On My Youngest Daughter Ai Hsing (Front) Graduation Day

On My Youngest Daughter Ai Hsing (Front) Graduation Day

Sunday, August 15, 2010

Furadan in watermelon? An Analysis & Comment by jb lim

Dear Dr Lim,

Is the info below true?

Furadan in watermelon! Pictures and warning in attachment.

I would like to hear your comments.

Thank you and regards,

Helen
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JB Lim's reply to

Helen Tee Guat Hiong
Scientist and Colleague

Formerly, Institute for Medical Research
Currently, Public Health Institute
Ministry of Health Malaysia

Dear Helen,

Thank you very much for your enquiry on the presence of Furadan in watermelon. I have received the same e-mail warnings from many other e-mailers like Ms. Annie Lee, Ir. Tai Onn Lau, Dr Ganeshadeva Muthu Ramalingamm and Ms Josephine Wong, among others.

Thank you to all of you who have written to me about the presence of Furadan-laced watermelons.

This story and warning has also appeared in a few websites and blogs. The following are my analysis and critical opinion

It really beats me to understand whoever puts that piece of warning about watermelon being laced with Furadan (Carbofuran) should specifically target watermelon as the only fruit to be cautioned about the presence of this chemicals. Why only watermelon? Why not in papaya, banana, pineapple, star fruit, dragon fruit, pomelo, and so on? Why single out watermelon only? It really beats my understanding. To make it even more unconvincing, at least to a scientific mind, no data as evidence was given. There was not a single report of a chemical analysis done to actually show the amount of Furadan present in the watermelon, let alone compare the data on amount with other fruits and vegetables. What I receive from this chain e-mails is just a bunch of absolute rubbish without any evidence given.

Evidence-based:

Not a single data from chemical analysis was give. It was just claims, claims, and highly unscientific claims to discredit watermelons and the farmers that all. To produce such a claim in a Court of Justice without a single shred of data or evidence, would instantly, not only just thrown out, but the claimant would be asked to pay with cost for damage and compensation to the watermelon producers. All claims must produce data, data and evidences. Don’t just claim by cooking up a story and send them out through chain mails to confuse and deceive the less educated. Not every recipient of chain e-mails are morons, imbecile and idiotic.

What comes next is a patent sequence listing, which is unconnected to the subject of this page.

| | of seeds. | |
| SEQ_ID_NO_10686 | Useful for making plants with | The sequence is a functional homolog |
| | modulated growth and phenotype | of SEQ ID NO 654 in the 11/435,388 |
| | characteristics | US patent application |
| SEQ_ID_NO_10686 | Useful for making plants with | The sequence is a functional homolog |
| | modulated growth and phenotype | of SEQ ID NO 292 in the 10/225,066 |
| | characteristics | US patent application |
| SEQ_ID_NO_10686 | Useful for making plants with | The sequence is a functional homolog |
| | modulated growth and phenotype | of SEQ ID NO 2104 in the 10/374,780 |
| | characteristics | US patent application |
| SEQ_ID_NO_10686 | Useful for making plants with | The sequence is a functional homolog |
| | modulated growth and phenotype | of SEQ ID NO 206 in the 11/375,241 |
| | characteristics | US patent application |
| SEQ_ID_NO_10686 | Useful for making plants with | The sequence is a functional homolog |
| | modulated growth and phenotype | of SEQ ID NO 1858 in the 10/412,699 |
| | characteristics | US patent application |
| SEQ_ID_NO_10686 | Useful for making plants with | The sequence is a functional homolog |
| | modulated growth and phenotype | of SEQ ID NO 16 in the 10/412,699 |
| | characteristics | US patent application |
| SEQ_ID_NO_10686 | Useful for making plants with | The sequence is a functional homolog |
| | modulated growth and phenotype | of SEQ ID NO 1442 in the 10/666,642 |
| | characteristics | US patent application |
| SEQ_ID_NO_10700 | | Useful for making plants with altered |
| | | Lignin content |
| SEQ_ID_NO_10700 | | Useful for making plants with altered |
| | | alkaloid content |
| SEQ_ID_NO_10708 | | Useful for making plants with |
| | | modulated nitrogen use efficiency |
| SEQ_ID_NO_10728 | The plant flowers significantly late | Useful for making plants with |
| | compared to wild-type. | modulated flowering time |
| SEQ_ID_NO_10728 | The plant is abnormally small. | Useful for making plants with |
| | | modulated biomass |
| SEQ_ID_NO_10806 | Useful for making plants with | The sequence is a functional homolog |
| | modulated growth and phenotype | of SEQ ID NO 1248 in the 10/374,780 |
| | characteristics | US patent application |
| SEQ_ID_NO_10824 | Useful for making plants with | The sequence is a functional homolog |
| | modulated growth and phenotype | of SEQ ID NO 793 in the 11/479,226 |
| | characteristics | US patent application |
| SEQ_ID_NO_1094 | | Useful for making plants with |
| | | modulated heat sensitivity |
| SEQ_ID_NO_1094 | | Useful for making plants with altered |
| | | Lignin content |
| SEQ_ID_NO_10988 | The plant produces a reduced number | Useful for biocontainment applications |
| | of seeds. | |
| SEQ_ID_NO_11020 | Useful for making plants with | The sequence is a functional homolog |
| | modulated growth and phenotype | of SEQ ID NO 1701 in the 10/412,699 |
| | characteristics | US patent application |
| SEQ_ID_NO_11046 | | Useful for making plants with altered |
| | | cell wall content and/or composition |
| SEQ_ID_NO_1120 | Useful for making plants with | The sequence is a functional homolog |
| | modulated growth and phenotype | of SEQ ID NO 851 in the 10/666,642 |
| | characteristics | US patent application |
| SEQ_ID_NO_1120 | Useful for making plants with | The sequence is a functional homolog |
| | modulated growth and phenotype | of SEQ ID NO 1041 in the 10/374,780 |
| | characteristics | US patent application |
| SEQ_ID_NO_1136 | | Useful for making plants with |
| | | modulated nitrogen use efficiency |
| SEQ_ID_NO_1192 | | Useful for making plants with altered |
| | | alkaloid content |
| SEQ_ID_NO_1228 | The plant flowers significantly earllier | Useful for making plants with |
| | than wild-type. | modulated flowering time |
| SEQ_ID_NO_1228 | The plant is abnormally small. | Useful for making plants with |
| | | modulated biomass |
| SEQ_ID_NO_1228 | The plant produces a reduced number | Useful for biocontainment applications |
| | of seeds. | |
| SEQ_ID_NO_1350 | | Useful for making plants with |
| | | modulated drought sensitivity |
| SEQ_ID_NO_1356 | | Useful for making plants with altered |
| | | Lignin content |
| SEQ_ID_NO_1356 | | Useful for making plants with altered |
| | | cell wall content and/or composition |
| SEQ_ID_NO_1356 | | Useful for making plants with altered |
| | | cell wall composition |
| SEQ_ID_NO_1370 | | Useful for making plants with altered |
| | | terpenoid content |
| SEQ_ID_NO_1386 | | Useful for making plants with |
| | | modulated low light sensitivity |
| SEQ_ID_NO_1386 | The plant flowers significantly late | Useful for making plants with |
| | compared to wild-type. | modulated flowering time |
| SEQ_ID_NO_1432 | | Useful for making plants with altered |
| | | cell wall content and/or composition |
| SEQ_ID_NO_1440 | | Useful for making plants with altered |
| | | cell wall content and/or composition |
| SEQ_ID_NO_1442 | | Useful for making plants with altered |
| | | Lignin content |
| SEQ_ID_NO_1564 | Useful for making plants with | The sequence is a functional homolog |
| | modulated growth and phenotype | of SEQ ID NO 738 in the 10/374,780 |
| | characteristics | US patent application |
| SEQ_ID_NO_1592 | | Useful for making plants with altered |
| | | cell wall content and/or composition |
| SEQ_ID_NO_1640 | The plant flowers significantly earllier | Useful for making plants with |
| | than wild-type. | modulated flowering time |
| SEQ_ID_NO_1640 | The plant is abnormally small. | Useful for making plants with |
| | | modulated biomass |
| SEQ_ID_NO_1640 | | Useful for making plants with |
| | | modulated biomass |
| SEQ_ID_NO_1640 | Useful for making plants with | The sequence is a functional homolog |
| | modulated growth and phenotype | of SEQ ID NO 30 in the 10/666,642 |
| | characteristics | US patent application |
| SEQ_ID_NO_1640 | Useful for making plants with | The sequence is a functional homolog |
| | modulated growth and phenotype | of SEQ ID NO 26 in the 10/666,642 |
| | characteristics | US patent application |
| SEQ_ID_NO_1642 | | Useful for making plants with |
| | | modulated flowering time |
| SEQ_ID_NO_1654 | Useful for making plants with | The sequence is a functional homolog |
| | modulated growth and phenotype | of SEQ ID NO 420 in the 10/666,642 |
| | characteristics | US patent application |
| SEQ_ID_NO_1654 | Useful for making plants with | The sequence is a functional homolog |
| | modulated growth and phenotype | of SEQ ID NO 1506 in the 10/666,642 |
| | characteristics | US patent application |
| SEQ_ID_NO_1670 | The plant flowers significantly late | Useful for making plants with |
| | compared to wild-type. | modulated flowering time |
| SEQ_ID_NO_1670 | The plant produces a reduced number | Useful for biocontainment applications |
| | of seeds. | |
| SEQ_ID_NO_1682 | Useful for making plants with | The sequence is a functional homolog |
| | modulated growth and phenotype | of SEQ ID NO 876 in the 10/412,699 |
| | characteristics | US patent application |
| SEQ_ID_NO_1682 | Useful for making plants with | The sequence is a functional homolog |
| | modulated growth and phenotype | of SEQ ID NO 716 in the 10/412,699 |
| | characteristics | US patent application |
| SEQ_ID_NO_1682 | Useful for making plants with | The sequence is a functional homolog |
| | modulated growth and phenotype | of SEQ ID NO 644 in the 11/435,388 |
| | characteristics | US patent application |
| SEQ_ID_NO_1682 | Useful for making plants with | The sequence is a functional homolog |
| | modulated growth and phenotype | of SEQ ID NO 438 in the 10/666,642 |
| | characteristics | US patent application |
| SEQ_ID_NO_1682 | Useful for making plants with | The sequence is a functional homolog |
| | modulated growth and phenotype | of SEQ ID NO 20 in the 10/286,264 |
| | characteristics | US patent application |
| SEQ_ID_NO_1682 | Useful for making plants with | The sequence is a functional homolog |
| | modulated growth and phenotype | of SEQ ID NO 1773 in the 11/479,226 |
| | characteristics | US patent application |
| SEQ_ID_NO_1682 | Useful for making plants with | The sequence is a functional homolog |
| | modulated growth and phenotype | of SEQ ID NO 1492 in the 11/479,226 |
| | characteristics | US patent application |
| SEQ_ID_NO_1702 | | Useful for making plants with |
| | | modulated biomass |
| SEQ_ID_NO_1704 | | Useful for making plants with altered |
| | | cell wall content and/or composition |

Difficult without food analysis report:

But this does not imply that watermelon or any fruits and vegetables are not laced with Furadan if farmers deliberately add them to kill off pests. What I am asking is for people to show proof and evidences. That all I am asking. Even if they spray the crops with Furadan or any pesticides, this does not mean the watermelon, or any other fruits and vegetables harbor them. They must show the data and report of a chemical analysis from a credited and registered laboratory, and the report need to be carried out and signed by a qualified Chemist or a Food Quality Controller whose university degree in Analytical Chemistry must be registrable with the Malaysian Institute of Chemistry under the Chemist Act 1975. Less than that, are all rubbish reports and claims.

Furadan broad spectrum action:

In the best of my understanding, Furadan is a broad spectrum carbamate pesticide that kills insects, mites, and nematodes on contact or after ingestion. It has a potential to cause damage to the reproductive system to all pest, and probably to the health of humans as well by prolonged and chronic exposure. Carbofuran is not alone in the list of pesticides where its widespread use in agriculture that has caused severe environmental pollution and public health risk.

Carbofuran (2,3-dihydro-2,2-dimethyl-7-benzofuranyl methylcarbamate) generally called as Furadan is a broad spectrum carbamate compound which has been used against soil and foliar pests of field, fruit, vegetable, and forest crops. So why only on watermelon as the e-mail has portrayed to mislead consumers and the public. Whoever started it must have a grudge against watermelon farmers, probable those in Cameron Highlands. I think they are out to sabotage their livelihood.